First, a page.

• Globally we joined voices with those from around the world in influencing the Sustainable Development Goals so that this new set of global targets really respond to the needs of poor people. Whilst in many respects they are a long way from the reality of life for those in poverty, these goals have the potential to be really transformational and we are committed to working to ensure that happens.
• Next week, world leaders will gather in Paris for the climate conference. Whilst Paris is reeling from the terrible effects of the events last week, people around the world are also praying for an ambitious and legally binding agreement to reverse our greenhouse gas emissions and limit the effects of climate change.
Hang on, I hear you say – Changing policy? Lobbying? Global goals and negotiations? How does that relate to feeding the hungry and those other works of mercy that Matthew 25 calls us to do? Well, aside from Jesus’ whole ministry, which was about turning on its head the political and religious power of the time, we find that answer in the Daniel reading: the Son of Man will rule over all people. The dominion given to the Son of Man (Jesus) is a kingdom that will not fade. Daniel’s vision sustained the faith and hope of the Jews who were being persecuted. Here was the hope of a kingdom, of a different order. Here also is a political revolt – the Son of Man will rule. Today, on the feast of Christ the King, we proclaim that – Jesus is our King. As his subjects, we follow his rule, and he explains in our Gospel reading how we will be judged.
The reading also gives us an insight into what it would mean if the Son of Man really were to rule; where laws required us to love our neighbour as ourselves. Such a society, where basic human needs are respected, doesn’t happen by accident. Society has to have a level of organisation in order to ensure that basic needs are met, that peace exists. That’s politics. You can’t legislate for love, of course, but you can have a society that works towards fairness, justice, towards the more equal sharing of resources.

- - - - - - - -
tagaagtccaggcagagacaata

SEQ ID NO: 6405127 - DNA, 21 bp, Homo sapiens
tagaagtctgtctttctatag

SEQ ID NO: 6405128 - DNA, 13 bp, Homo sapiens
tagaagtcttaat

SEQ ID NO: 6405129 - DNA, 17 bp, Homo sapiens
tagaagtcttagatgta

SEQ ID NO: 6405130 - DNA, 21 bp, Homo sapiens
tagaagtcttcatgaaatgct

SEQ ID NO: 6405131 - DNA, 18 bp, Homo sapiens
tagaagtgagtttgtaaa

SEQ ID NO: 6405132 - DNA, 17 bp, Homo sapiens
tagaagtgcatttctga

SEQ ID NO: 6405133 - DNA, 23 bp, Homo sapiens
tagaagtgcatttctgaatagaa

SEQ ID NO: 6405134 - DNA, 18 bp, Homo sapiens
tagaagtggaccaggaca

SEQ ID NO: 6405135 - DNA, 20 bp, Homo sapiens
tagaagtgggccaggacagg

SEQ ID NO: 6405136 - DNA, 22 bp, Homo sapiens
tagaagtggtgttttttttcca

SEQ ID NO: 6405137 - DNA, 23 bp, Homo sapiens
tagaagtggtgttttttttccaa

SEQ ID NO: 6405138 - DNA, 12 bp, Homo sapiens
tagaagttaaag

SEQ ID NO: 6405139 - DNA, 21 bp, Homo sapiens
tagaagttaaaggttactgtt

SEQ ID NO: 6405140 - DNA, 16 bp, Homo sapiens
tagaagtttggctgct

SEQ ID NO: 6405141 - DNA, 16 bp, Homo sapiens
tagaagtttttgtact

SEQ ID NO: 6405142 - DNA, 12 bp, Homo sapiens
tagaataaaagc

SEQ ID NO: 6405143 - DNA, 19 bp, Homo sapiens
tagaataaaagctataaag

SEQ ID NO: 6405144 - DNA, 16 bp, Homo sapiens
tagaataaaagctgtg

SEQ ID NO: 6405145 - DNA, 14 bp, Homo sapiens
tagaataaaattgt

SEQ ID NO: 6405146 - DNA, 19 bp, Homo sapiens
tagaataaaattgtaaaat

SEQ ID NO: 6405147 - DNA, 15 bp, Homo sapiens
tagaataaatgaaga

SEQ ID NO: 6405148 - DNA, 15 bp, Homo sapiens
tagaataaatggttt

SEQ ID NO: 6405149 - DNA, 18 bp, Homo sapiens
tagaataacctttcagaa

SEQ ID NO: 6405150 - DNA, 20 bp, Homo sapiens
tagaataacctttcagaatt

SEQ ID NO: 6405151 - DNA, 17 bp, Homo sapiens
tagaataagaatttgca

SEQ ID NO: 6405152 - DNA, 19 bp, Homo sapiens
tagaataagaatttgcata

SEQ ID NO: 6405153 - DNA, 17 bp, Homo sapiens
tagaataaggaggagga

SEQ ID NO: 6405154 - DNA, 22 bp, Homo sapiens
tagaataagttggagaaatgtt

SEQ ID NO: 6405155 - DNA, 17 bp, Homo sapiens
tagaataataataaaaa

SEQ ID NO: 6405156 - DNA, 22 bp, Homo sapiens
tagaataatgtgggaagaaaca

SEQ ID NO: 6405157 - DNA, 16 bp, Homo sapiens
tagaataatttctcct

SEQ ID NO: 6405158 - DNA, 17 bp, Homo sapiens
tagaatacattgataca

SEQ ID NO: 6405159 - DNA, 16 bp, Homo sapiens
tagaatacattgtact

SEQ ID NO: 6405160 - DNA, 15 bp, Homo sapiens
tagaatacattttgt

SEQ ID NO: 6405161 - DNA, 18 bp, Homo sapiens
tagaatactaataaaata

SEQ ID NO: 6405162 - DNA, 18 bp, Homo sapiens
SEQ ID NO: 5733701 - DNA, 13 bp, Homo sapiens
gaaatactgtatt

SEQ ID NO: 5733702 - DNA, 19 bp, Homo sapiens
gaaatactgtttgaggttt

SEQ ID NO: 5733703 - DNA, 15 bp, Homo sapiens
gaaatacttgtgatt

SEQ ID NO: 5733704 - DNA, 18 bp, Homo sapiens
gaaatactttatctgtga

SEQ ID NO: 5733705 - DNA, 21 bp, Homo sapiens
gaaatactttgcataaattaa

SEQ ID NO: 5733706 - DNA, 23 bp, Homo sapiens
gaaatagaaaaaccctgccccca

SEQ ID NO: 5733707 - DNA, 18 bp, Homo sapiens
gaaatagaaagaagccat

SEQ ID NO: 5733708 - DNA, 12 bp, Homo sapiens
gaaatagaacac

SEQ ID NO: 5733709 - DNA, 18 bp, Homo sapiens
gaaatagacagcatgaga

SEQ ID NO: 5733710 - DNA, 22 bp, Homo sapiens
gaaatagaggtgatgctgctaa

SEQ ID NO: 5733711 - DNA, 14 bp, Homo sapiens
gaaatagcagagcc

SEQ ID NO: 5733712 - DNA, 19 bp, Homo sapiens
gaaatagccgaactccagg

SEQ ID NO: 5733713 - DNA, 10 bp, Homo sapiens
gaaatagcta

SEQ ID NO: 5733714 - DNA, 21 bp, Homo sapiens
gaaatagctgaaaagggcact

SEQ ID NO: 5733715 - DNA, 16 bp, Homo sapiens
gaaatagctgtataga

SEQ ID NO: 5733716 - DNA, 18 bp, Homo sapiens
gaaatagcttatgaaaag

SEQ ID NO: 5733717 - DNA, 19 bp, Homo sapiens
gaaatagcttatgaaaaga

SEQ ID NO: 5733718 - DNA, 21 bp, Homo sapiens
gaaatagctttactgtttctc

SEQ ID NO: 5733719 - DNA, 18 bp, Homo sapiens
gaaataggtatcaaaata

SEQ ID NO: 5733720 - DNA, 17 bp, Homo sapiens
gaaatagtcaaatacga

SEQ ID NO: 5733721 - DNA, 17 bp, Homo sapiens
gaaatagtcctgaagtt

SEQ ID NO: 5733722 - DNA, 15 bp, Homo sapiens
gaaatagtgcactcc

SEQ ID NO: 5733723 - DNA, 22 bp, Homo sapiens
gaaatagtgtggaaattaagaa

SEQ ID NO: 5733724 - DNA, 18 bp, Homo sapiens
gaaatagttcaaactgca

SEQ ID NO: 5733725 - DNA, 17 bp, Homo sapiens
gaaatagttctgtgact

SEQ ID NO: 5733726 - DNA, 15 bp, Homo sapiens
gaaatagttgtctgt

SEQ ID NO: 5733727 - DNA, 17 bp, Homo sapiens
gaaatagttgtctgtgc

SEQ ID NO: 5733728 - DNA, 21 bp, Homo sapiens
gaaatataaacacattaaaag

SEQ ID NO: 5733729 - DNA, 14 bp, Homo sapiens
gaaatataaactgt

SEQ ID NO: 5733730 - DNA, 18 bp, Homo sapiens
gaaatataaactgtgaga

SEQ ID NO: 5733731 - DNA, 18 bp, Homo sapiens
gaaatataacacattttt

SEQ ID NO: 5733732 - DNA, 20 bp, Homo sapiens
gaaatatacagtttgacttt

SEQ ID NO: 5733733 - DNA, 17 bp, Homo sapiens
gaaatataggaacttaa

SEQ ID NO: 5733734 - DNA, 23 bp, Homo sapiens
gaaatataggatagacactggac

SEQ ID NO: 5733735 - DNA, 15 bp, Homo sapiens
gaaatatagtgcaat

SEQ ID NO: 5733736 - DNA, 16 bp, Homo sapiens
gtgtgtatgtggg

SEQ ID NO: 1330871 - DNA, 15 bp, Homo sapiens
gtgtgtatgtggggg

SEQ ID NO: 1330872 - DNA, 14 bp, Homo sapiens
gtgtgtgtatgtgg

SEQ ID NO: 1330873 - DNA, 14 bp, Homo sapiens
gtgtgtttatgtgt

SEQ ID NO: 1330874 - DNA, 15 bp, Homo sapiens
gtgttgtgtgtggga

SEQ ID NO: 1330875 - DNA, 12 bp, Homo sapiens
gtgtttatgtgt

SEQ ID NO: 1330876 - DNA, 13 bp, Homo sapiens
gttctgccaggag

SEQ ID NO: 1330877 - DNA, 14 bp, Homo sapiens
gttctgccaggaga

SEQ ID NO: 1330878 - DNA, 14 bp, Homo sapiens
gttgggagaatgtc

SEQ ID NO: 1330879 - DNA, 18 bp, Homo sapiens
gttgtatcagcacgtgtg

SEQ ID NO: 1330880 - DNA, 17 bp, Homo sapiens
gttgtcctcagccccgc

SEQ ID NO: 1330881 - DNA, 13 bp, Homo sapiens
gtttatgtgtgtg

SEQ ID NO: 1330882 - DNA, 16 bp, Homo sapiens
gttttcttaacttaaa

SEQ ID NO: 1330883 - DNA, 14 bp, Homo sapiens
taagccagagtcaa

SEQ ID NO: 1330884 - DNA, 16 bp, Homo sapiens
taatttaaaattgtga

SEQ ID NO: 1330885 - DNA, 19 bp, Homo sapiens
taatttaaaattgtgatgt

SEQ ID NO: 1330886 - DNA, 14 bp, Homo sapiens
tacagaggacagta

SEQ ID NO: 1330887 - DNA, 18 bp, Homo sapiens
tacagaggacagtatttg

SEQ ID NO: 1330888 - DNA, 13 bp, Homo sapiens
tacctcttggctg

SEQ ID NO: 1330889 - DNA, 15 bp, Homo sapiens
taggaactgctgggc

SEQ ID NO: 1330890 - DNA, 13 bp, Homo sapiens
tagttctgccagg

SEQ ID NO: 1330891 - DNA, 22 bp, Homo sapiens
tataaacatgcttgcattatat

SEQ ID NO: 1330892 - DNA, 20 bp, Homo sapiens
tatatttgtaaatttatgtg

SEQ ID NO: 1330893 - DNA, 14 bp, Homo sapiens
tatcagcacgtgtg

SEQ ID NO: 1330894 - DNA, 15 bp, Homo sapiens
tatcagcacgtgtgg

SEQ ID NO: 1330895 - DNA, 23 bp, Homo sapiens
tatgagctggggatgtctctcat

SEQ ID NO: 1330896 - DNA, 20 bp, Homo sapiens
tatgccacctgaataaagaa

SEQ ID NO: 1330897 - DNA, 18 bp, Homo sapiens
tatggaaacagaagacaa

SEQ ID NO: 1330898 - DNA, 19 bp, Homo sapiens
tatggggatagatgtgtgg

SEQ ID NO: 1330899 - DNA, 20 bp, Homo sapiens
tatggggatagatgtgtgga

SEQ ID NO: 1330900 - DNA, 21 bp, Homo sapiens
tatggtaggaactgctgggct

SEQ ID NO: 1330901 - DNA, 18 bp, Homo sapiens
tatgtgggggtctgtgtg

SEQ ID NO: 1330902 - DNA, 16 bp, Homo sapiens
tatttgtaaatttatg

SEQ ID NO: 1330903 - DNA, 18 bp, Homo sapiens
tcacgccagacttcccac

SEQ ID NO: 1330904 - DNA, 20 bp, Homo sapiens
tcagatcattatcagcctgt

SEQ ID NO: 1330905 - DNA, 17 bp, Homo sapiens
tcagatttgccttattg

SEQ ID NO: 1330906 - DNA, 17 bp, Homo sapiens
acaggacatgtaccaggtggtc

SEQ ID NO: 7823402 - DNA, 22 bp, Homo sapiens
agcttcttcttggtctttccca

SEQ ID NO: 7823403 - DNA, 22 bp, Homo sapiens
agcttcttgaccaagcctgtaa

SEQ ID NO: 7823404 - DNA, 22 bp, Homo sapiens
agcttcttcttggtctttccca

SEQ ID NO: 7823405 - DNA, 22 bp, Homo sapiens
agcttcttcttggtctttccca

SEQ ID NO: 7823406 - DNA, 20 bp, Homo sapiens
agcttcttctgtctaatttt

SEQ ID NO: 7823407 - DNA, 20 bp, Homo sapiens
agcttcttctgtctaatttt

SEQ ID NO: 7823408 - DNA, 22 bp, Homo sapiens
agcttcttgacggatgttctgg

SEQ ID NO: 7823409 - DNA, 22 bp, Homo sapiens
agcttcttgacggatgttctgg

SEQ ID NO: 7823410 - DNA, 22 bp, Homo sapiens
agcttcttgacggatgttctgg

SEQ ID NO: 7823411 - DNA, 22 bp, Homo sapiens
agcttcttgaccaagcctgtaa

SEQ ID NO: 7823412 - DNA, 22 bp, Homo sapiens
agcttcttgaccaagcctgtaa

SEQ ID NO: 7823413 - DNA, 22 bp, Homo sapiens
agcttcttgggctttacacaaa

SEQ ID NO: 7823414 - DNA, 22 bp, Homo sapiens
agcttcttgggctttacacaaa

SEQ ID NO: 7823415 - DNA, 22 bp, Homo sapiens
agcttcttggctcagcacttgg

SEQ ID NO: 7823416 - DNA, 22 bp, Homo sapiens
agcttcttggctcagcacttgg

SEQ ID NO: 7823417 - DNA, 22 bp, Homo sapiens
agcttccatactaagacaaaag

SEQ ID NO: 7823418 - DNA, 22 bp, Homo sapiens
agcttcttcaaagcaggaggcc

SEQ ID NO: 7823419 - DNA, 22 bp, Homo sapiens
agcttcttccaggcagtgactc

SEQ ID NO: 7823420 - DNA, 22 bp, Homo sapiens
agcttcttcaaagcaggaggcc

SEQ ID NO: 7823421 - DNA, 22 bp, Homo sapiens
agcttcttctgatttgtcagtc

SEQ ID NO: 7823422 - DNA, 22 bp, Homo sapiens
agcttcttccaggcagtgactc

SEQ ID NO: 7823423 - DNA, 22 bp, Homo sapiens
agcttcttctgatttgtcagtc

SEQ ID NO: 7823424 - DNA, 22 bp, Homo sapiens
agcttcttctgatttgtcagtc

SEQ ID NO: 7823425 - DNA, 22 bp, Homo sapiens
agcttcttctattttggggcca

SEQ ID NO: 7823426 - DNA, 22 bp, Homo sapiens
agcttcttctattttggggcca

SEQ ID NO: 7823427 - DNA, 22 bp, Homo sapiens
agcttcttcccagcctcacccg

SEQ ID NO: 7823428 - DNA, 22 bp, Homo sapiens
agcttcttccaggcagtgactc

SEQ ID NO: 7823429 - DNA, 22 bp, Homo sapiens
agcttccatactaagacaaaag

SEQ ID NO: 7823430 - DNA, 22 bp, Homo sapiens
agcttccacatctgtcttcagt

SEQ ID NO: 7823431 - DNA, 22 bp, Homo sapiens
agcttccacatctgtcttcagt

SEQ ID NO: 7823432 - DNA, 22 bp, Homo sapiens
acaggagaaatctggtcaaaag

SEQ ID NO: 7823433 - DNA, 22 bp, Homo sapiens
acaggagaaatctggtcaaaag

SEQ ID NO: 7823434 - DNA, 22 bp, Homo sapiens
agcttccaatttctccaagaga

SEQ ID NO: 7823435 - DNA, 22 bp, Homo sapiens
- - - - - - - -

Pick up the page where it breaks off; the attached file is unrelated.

Let’s remember too, that the Matthew 25 reading is the last judgement of the nations, not just individuals. Mercy, kindness, in the true OT tradition, is not just an individual or private matter. It is about how rulers behave, what the rich and powerful do. The outrage of the prophets was aimed at those leaders and wealthy people who lounged in palaces while the people starved, or who swindled the poor and abused the vulnerable.
So, today, we continue to find ways of building a society built on justice and fairness, where individual acts of kindness happen, but people who are poor and vulnerable are not dependent on them. For instance, in the climate negotiations – all countries will take action, but calling for the richer and more polluting countries take more action; or through our work calling for responsible tax practices and global tax justice, Christian Aid is seeking to help bring about a world where the basics are met, but not by accident, but by being embedded in society. A society where the voices and concerns of the poor are heard and responded to.
Jesus reminds us that we as individuals and as a society will be judged not on our prayers, but on our actions: the strength of our faith in practice. So I want to thank you for your support for Christian Aid that has enabled us together to fulfil that demand to love our neighbour over the last seventy years.
It’s not over, of course, need remains. This Christmas our appeal has, as its theme, our work in Nigeria – addressing healthcare and preventing deaths by malaria. This might start with a mosquito net, but it goes further to community health workers, midwives and supporting partners advocating for access to drugs. Money given in our Christmas appeal will be matched by the UK government’s aid budget. So please do donate – today or on-line at home – or both!!
So these two readings are so apt for today. Christ is our King, and so, we are his subjects, part of his kingdom. It is a kingdom in the making, and that is our task. Not through the power of violence or conquest, but of service and of love in action. Through your words, prayers and deeds you are part of building that kingdom one step at a time.
Thank you for standing with and helping Christian Aid to be able to play our part of the kingdom. We find strength and support in being able to work together.
May you always be strengthened by God’s love and mercy.